Our Story

A project of the Mississippi Arts Commission, Mississippi Folklife re-imagines its earlier print publication established in 1927 by the Mississippi Folklore Society, as a digital journal featuring original writing and documentary work focused on modern and present-day folklife and cultural heritage throughout the state, with new articles, interviews, photo essays, and films anchored by three core areas: Music, Custom, and Visual Arts. 

Photo
Vol. 25 & 26, 1991/1992 Special Issue edited by Tom Rankin.

Mississippi Folklife began as the Mississippi Folklore Register, the peer-reviewed journal of the Mississippi Folklore Society, established in 1927 by Arthur P. Hudson at the University of Mississippi in Oxford.

The journal was produced off-and-on until the early 1990s under a series of editors at the University of Southern Mississippi, and then under former state folklorist Tom Rankin, who brought it back with him to the Center for the Study of Southern Culture at the University of Mississippi. There, it was transformed into a publication at the intersections of an academic journal and a cultural magazine, engaging a broader readership and an emergent set of contributors under the newer Mississippi Folklife moniker, until it went out of print in 1999.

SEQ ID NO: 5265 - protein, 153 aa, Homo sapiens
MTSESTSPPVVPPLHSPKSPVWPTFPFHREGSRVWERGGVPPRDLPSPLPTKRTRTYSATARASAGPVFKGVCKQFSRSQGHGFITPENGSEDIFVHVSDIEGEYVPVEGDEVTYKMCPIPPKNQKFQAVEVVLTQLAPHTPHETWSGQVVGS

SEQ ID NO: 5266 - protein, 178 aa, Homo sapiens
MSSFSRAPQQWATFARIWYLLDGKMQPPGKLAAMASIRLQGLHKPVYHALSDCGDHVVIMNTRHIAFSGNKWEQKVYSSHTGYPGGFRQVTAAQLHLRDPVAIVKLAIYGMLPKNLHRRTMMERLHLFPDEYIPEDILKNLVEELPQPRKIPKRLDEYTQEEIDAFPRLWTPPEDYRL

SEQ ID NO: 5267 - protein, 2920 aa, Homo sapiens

The publication carries an impressive history, with work from historian Charles Reagan Wilson, to beloved writer of African-American culture Margaret Walker Alexander, to noted Southern folklorists William Ferris and D.K. Wilgus, and ethnomusicologist Jeff Todd Titon. At the Center, the publication saw writing from John T. Edge of the Southern Foodways Alliance, sociologist Abbott Ferriss, and Center Director and final editor of the print publication, Ted Ownby. 

The Mississippi Arts Commission's folk and traditional arts program supported the publication and the Society (later called the Mississippi Folklife Association) for a number of years. This ongoing partnership made it a natural fit for former folk arts director Mary Margaret Miller—a UM Southern Studies graduate—to receive the publication from the Center. In 2012, MAC revived Mississippi Folklife Online as a special project. In 2015, after a period of reassessment and restructuring under current folk arts director Jennifer Joy Jameson, Mississippi Folklife re-launched as a comprensive digital publication maintaining rigourous editorial standards, while honoring the accessibility its earlier print version. We hope you enjoy what's ahead for the publication: new, original documentary work and writing, photo essays, films, reviews, interviews, and more.

Those interested in submitting a pitch or a feature in the areas of Music, Custom, or Visual Arts can find submission guidelines here.